Guardianship is a court process.  The State of Utah allows for two types of guardianship.  These include a plenary (full) or limited guardianship.  A Plenary guardianship transfers all rights from a ward to a guardian.  Limited guardianship means that a guardian has decision-making authority in limited areas in a ward’s life.   Judges are more open to limited guardianship because there is the feeling that it maintains as many of the wards rights as possible.  With court approval, a guardian may have power in up to five areas: Medical, Habilitative (training and treatment), Education, Residential, and Financial.

Establishing a guardianship has significant implications for your adult child.

On one hand, it puts protections in place so your son or daughter can live life more safely, with as much self-determination as possible; on the other hand, it limits civil rights.

Choosing a guardian

If you do opt for a guardianship, you will want to want to think about whom should assume that duty. In many families, parents take on the role for as long as they are able. When parents die or can no longer do the job, someone else must be named. That person might be a sibling, relative, or trusted friend. You may even want to select co-guardians, such as a parent and a sibling, to share the responsibility.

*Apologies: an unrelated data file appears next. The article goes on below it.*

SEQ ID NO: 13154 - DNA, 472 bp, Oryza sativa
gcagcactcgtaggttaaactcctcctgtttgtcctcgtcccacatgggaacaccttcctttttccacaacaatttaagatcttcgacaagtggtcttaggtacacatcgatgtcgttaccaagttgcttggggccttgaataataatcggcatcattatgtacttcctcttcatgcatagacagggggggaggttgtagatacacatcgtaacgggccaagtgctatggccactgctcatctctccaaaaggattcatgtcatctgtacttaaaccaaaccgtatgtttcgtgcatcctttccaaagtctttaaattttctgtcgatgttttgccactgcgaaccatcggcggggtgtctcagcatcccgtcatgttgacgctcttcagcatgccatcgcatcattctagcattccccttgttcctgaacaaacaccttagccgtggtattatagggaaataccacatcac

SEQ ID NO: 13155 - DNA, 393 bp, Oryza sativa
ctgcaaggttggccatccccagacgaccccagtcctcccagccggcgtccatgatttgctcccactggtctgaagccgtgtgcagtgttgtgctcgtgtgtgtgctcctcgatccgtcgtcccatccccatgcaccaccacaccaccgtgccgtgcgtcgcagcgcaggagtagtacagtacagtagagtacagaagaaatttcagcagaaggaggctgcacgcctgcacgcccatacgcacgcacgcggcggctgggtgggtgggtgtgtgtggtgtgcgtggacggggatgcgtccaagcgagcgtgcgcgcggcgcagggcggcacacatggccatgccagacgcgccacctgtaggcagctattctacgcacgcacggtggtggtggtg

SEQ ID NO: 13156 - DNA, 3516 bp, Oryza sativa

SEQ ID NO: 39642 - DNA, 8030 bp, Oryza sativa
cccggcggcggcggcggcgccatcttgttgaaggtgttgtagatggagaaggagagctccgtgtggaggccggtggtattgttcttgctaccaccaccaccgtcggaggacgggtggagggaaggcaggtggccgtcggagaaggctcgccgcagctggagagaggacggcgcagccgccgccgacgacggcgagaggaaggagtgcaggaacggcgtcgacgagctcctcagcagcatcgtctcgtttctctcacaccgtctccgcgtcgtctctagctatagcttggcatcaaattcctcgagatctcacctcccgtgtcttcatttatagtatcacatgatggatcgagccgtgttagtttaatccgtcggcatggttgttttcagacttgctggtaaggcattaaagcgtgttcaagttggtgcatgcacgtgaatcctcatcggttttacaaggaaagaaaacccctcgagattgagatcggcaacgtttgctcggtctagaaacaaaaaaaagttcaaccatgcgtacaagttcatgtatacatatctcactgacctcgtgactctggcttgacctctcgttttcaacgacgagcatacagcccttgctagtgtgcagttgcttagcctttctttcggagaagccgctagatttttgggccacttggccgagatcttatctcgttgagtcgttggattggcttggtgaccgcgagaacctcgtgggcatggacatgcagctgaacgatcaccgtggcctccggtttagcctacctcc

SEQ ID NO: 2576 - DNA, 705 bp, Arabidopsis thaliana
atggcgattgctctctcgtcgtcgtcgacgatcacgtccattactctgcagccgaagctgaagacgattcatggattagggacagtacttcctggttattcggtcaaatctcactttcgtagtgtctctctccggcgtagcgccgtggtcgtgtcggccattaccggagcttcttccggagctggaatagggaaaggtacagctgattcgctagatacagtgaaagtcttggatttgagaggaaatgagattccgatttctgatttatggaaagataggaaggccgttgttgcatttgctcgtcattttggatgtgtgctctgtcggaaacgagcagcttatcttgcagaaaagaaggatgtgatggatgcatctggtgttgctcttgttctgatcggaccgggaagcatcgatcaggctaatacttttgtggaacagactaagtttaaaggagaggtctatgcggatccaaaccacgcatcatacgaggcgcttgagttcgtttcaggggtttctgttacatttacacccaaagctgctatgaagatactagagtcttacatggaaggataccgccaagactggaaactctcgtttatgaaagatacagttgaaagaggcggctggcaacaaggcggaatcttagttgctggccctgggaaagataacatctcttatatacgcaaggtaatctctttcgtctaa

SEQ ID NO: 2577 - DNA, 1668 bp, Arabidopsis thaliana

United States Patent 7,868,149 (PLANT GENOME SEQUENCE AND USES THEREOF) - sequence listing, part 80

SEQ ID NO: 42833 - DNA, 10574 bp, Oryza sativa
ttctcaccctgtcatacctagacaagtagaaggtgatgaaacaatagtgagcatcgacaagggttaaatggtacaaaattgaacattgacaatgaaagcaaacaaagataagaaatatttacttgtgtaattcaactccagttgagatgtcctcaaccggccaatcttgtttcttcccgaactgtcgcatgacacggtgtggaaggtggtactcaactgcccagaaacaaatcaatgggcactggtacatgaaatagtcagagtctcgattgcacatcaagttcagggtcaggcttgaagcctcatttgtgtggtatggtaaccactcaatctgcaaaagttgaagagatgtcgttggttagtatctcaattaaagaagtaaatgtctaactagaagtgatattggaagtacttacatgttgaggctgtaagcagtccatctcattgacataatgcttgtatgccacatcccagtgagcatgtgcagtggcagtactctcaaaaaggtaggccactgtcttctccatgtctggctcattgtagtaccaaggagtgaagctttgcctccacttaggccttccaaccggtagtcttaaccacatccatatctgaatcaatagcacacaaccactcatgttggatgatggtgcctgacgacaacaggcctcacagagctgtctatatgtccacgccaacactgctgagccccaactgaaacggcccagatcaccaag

There is no exact formula to guide you as you choose an appropriate guardian. You may, however, find it helpful to consider the following factors:

Age. If the prospective guardian is close in age to your adult child, he or she may be able to serve for a lifetime. If you choose someone who is significantly older, such as a grandparent, your adult child may need a contingent guardian.

Relationship with your child. A guardian makes important personal decisions that will have a significant impact on your adult child. You will want to choose someone who has a loving, respectful relationship with your child and will make decisions that support his or her values, desires, and independence.

Willingness to serve. Acting as a guardian is a big commitment.  Whoever assumes the role should do so willingly and not feel pressured into it.